Senior Kennedy Parish took IB Chemistry 1 and is currently taking IB Chemistry 2. Massey has always been there to help her when she needed it.

    “Mr. Massey has helped so many times in chemistry. He’s let me come in at 7 a.m. to work and stay after school until 6 p.m.,” Parish said. “Mr. Massey has a passion in his teaching that is displayed in his dedication and devotion to every student and his desire for each student’s success.”

    Senior Alex Snow took IB chemistry 1 junior year and found that Massey always had useful knowledge to help him.

    “I like Mr. Massey because he was very knowledgeable and informative,” Snow said. “He was a little intimidating at first, but I soon realized that he is a huge database of useful information.”

    But Massey’s path to becoming a teacher has not always been clear. After high school, he didn’t go to college right away. After a number of years, he attended San Diego State University where he studied in hopes of becoming an astronomer. But it was not easy. Massey had to pay for college himself and it was a slow process.

     In addition, becoming an astronomer at the time required a PhD, something that Massey simply didn’t have the funds for. So he looked into other options. During his college years, he volunteered to help kids with math and science. He also helped his niece and nephew with their homework, and slowly amassed a huge network of kids that would ask him for help. He found himself enjoying the work and eventually decided to become a teacher. After graduating from college, he walked out with a major in teaching high school chemistry and physics, a minor in astronomy, and over 100 grad credits in addition to his  bachelor’s degree.

    With his teaching, Massey has impacted not only students, but coworkers too. Kelsey Wahl took chemistry with Massey when she was in high school, and now they help each other out teaching chemistry. She finds Massey to be a great friend too. They chat and vent both before and after school. Overall, Wahl finds him to be an extremely hardworking teacher.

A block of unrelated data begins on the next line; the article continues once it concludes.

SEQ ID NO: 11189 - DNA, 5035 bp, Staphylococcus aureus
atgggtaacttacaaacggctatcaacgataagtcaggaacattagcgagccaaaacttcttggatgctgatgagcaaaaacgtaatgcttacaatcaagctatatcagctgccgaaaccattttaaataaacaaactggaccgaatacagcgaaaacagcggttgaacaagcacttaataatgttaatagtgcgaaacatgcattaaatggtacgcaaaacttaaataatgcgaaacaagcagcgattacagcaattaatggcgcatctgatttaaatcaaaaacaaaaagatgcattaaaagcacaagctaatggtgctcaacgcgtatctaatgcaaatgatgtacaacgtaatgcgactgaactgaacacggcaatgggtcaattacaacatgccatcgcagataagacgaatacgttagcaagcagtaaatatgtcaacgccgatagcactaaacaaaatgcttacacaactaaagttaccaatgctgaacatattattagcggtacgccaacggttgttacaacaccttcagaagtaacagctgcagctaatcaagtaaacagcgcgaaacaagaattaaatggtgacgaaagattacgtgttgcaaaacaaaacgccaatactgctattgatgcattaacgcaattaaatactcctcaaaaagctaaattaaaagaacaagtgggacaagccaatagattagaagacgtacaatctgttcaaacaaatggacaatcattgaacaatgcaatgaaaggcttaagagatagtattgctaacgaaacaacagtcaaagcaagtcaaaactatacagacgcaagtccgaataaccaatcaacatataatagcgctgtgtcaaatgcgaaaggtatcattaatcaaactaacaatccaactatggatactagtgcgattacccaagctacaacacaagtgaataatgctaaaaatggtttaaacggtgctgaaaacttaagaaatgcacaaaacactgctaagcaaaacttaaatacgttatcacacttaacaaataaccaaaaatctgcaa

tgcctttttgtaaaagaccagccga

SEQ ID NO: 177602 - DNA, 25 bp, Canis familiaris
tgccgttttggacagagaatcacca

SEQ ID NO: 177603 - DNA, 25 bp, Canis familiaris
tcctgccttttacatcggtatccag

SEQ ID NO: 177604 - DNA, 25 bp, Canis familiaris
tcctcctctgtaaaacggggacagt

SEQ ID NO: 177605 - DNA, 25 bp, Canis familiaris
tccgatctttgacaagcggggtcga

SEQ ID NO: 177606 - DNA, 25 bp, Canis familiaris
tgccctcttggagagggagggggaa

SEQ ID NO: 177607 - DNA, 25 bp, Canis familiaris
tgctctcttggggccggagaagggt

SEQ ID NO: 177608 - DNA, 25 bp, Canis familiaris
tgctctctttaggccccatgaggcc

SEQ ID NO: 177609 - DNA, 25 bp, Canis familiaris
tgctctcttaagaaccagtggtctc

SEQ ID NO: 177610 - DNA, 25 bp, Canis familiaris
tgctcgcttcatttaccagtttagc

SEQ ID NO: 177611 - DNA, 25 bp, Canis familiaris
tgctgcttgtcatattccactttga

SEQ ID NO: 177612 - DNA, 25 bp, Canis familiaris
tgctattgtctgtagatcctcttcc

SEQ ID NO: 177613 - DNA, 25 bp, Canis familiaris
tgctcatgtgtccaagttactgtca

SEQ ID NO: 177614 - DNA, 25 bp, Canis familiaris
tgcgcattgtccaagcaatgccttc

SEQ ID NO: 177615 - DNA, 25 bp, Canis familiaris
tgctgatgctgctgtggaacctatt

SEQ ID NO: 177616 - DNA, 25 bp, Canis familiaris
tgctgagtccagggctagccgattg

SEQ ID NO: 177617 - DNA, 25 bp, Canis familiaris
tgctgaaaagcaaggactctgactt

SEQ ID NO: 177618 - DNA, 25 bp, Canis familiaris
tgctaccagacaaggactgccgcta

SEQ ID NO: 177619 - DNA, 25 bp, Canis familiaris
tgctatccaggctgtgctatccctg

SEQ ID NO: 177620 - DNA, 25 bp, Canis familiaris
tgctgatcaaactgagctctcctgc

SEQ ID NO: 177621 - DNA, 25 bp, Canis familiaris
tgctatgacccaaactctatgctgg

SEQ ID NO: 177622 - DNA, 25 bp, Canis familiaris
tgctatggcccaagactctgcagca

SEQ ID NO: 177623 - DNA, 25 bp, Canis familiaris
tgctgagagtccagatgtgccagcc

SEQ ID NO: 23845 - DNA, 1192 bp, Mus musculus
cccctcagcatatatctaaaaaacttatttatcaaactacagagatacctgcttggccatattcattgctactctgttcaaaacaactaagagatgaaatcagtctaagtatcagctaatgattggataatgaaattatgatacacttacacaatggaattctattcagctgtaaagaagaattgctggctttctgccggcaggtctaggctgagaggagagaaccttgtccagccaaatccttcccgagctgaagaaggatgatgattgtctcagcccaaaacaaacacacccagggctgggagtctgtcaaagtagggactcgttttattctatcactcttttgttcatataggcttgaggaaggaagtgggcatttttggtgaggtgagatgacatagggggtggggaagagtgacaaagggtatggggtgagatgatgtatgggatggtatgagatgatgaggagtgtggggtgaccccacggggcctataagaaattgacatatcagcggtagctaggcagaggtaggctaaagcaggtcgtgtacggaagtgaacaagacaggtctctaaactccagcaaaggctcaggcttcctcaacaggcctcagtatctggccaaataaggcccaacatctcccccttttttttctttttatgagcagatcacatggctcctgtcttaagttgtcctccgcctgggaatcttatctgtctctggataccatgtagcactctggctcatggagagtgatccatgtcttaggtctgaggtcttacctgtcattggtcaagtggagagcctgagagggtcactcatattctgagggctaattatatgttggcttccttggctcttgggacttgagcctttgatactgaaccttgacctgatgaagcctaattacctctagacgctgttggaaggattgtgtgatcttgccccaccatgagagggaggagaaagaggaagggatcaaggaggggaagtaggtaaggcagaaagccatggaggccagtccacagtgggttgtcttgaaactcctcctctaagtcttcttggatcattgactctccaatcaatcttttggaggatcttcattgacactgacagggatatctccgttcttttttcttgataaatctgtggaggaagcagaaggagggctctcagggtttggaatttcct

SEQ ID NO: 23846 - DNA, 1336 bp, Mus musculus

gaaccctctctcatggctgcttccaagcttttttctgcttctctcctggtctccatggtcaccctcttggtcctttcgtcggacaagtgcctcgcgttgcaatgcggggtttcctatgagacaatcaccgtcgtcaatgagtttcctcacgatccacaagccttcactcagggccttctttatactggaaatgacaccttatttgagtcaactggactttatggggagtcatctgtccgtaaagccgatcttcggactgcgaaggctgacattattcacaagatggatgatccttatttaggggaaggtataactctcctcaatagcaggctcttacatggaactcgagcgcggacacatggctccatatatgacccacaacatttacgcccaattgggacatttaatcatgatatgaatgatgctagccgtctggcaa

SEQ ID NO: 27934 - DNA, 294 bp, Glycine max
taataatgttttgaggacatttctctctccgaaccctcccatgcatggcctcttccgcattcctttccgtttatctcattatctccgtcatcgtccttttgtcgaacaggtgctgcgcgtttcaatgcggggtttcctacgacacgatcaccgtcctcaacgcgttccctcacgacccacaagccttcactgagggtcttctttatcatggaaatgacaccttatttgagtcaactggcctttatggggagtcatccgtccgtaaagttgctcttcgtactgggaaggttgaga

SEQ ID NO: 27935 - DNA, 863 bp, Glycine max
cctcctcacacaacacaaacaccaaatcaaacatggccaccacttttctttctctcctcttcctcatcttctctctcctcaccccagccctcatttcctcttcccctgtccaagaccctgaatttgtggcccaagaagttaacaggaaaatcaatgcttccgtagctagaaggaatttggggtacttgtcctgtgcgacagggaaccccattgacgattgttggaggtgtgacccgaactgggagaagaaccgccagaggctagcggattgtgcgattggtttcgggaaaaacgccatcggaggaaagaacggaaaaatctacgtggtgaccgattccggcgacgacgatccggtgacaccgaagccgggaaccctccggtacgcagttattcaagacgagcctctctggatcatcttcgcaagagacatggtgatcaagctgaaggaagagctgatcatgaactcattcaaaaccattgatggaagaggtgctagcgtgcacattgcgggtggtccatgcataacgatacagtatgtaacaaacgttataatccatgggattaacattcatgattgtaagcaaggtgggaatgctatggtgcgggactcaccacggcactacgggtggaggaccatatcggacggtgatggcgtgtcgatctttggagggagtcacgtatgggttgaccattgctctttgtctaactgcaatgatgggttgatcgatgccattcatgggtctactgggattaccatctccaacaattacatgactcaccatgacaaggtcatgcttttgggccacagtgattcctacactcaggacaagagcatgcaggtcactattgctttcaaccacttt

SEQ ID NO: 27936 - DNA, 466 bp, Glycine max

“He’s one of the best teachers at the school. He’s always been one of the best teachers at the school from when I was here,” Wahl said. “I wouldn’t want to teach chemistry with any other teacher.”

    Wahl found Massey super helpful when she took his class, and to this day she still has her notecard from the class.

    “I just remember how organized and well thought out and thorough the class was in terms of content and what to expect going into class everyday and what to expect for tests,” Wahl said. “As a student, I just really appreciated all the work that Mr. Massey put into the class.”

    Ultimately, what may be most memorable about Massey is his willingness to help others. He is honest. Sometimes brutally honest, but always honest. He knows what it means to have a meaningful life. Whether you like Mr. Massey or not, one cannot help but be swayed by his wisdom, crafted through life experience. “[To have a life well lived is] to be kind, to be ethical, to be honest with people, [and] to do whatever you’re going to do well,” Massey said. “To feel that you have made a positive difference in people’s lives, and to enjoy your own life too. When you wake up in the morning, have as few regrets about what you did the day before as possible.”